The industry of manufacturing offshore oil and gas facilities is unique in that it brings together diverse bodies of engineering such as marine/naval architecture, process, mechanical equipment, piping, electrical and instrumentation, automation, and construction. The engineering disciplines will work both independently and collaboratively to produce a listing of materials (equipment list) that will be purchased, inspected, and shipped to a construction yard for assembly into the offshore facility by a construction team. Each discipline is an internal client to the part of the company responsible for managing the company’s supply chain, supply chain management, and each discipline has inherent differences that need to be recognized in order to achieve an accurate, timely RFQ that can be sent to vendors. For example, marine/naval architecture can require use of vendors who are specialized, small companies, and who are asked to participate in a process whereby designs are proven in a gated process. It is important for SCM to recognize the partnership style of relationship that can be required with such vendors, while ensuring that the partnerships honor schedule requirements, and also ensuring that the partnerships do not overstep the boundaries required for a healthy, competitive relationship.
SCM should have early involvement with its internal business partners and with specific, prospective vendors. This involvement may require a level of product or specific supply chain specialization (hull, mooring, topsides) within SCM. Early SCM involvement can help engineers minimize commercial obstacles that can be associated with extremely long specification development periods, and sole source vendor arrangements. Early SCM involvement can also help to recognize and satisfy timing needs of interdependent specification development across the company’s various engineering disciplines (i.e. the dependency that electrical, instrumentation, and automation has on many other disciplines).
Defining equipment packages
Ideally, SCM will have worked as a catalyst with engineering such that engineering produces the equipment list and specifications to enable the RFQ in a timely fashion. However, another step is often taken before the RFQ is issued. SCM will work with engineering management to rationalize the equipment list against the capabilities of the vendors, and the efficiency of managing the various purchase orders that will result from the equipment list. There are different terms used to describe the outcome of this process. One such term is the “package list.” The package list represents a bundling of equipment intended for purchase from a single vendor. It is a key activity to get right because it can make or break the best, most perfect engineering effort. In some companies, the package list not only determines the equipment to be bundled, but it also impacts the listing of vendors who are qualified to bid, the level of equipment inspection, and the personnel resources that will be assigned to manage the package, assuring its cost, schedule, and quality. Transferring an equipment list to a package list requires frequent, healthy exchange between SCM and engineering in order to avoid bundling of packages for administrative convenience at the expense of a vendor’s true ability to provide all elements of the bundle on schedule and on budget.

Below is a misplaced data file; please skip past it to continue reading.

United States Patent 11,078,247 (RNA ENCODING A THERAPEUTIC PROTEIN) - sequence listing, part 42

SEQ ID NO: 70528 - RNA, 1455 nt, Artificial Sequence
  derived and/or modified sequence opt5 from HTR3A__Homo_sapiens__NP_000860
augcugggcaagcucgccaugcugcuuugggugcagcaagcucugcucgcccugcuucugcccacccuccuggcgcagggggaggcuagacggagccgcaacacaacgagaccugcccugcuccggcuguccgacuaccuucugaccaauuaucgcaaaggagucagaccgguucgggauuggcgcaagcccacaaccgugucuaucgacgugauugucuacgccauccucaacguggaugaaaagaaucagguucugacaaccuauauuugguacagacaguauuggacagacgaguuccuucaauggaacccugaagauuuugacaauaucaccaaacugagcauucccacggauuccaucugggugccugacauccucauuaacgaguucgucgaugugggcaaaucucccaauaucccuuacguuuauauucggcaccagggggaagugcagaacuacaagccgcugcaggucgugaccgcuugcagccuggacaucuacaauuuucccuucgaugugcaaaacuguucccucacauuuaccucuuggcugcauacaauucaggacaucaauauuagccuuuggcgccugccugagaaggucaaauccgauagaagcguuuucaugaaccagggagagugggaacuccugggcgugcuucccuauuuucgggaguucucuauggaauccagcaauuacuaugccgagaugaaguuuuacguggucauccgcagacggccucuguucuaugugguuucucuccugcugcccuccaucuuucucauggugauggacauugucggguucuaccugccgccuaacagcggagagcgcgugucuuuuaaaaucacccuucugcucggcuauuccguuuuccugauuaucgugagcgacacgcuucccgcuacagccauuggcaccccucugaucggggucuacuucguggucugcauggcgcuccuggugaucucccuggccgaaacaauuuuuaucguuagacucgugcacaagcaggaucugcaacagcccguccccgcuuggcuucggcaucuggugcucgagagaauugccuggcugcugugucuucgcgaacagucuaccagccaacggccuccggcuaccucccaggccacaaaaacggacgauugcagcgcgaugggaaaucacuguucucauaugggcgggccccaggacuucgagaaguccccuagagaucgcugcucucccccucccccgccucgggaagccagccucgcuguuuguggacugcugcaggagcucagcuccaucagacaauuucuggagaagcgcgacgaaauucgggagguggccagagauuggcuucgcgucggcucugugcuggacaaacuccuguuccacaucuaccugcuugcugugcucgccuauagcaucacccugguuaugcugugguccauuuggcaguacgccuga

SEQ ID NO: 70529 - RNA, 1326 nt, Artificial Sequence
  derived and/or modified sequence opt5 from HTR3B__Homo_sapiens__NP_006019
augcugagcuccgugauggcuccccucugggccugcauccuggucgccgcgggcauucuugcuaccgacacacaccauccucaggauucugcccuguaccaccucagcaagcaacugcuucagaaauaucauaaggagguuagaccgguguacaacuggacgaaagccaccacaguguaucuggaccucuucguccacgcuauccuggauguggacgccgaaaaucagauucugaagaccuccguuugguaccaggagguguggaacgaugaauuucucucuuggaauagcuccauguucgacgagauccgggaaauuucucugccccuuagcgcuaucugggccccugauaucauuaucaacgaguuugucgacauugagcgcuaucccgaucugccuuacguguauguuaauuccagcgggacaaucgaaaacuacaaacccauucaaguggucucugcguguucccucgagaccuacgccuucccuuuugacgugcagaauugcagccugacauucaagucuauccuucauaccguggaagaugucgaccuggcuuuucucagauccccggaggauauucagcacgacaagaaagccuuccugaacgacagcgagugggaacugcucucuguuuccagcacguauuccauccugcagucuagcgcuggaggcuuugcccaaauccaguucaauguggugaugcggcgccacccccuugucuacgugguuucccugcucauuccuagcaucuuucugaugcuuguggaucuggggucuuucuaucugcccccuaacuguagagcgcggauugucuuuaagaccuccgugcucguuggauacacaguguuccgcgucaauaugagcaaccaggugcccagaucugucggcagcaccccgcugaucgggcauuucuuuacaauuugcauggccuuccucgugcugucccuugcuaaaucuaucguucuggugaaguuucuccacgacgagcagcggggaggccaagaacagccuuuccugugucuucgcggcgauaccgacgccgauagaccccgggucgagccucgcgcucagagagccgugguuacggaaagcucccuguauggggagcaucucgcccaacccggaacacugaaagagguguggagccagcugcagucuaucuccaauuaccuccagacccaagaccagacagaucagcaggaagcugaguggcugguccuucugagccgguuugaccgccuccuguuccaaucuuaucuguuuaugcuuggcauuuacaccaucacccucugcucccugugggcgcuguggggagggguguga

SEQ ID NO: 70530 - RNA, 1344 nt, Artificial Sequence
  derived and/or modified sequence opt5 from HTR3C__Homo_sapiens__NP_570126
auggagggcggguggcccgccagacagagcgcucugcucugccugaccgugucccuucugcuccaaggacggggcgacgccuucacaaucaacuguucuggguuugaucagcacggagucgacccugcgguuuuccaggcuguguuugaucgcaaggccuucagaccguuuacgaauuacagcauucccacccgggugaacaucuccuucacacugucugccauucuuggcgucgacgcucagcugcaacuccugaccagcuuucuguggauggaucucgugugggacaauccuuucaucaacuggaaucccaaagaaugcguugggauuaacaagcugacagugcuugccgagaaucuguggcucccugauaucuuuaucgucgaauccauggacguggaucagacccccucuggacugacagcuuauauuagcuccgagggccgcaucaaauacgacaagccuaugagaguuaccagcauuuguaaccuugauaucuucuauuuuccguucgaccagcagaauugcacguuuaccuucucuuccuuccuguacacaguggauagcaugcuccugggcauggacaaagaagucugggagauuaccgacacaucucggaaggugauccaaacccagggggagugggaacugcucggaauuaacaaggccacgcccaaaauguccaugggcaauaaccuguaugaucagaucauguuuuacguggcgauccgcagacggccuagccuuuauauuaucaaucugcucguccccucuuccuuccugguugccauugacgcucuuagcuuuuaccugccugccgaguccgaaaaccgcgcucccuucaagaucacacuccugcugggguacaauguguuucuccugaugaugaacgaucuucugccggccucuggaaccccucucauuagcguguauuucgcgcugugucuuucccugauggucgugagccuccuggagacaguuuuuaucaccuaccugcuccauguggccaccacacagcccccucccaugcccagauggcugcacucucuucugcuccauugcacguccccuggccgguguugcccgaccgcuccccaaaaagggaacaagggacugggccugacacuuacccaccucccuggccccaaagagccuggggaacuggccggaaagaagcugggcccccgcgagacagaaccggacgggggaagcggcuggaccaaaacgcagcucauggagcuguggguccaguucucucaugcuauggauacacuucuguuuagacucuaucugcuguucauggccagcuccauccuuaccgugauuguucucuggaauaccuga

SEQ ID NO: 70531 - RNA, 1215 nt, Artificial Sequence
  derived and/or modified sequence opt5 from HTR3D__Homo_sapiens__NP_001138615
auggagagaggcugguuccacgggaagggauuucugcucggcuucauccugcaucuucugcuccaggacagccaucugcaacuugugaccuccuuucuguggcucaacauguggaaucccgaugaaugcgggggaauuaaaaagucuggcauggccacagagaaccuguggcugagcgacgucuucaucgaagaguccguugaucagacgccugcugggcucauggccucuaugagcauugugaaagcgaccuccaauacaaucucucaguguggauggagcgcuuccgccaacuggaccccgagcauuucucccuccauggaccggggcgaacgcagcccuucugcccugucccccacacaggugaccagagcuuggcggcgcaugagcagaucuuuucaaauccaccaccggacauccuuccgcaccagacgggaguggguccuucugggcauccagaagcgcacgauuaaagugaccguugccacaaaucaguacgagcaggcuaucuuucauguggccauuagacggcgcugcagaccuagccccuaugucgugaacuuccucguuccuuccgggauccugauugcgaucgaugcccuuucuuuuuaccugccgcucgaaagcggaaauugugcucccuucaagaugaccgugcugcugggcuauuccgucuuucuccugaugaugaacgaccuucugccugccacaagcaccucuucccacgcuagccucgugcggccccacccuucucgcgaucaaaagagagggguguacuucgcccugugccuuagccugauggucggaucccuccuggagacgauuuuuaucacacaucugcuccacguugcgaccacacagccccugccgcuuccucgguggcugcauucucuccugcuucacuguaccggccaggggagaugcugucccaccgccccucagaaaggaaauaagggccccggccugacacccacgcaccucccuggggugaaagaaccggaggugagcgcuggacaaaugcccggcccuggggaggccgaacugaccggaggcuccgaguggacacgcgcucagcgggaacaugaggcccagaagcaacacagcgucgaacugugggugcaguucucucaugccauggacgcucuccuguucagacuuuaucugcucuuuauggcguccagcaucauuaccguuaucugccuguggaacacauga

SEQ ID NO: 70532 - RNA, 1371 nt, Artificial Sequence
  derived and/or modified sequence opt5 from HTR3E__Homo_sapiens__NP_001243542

Perform a sanity check on plans to bundle equipment that will be sourced from a single vendor. Use a system that gathers input from a collection of experts most familiar with the technology and the potential vendors’ current capabilities and current shop capacities (engineering, drafting, machining, assembly, and testing). Make an effort to obtain feedback from someone with construction expertise, especially if a bundled component might be better sourced from a construction yard rather than from a manufacturer.
Risk assessments within both the EPC contractor and the project owner environments are often “owned” at very high levels within the major project teams, with SCM, among others, taking specific actions to mitigate the risk. This is a good practice, but can be flawed if the ownership of risk assessment is not sufficiently pushed down into the project. When ownership is pushed down into the project organization the assessment of risk becomes more of a continuous assessment rather than a snapshot of risk at a given point in time. In addition, it can drive the correct behaviors within the people who are closest to the point of being able to identify and mitigate the risk. In fact, when risk management is not pushed sufficiently down into the project organization, it may not be apparent to those on the project that everyone should be a risk manager, rather than an incident responder.
Vendor qualification systems can have the same effect as high level risk assessments. They are risk snapshots of the vendor at a specific point in time, but may not be entirely effective at identifying risk changes to the vendor which occur after the snapshot. For example, has the vendor recently decided to sub-contract major components as a result of a “make-buy” decision? If so, what float is in the vendor’s schedule to make repairs resulting from having to “train” a new sub-vendor? Also, many supply chain organizations separate the individuals responsible for “qualifying” the vendor from those who are responsible for managing the vendor during the execution of a purchase order. Again, this is a separation of time and responsibility that can be a threat to the schedule and budget for the equipment package.
Push ownership of risk assessments sufficiently down into the project organization, inclusive of the supply chain organization. Risk assessments within supply chain should not be complex nor require special tools. Addressing basic risk oriented questions about the vendor during specific stages within the procurement process can be sufficient. The key is to recognize the need, and institutionalize a process.
Quality issues abound in the oil and gas equipment industry and their resolution can occupy a lot of time for the supply chain professional, both internally and externally. The following areas should be examined and reviewed closely.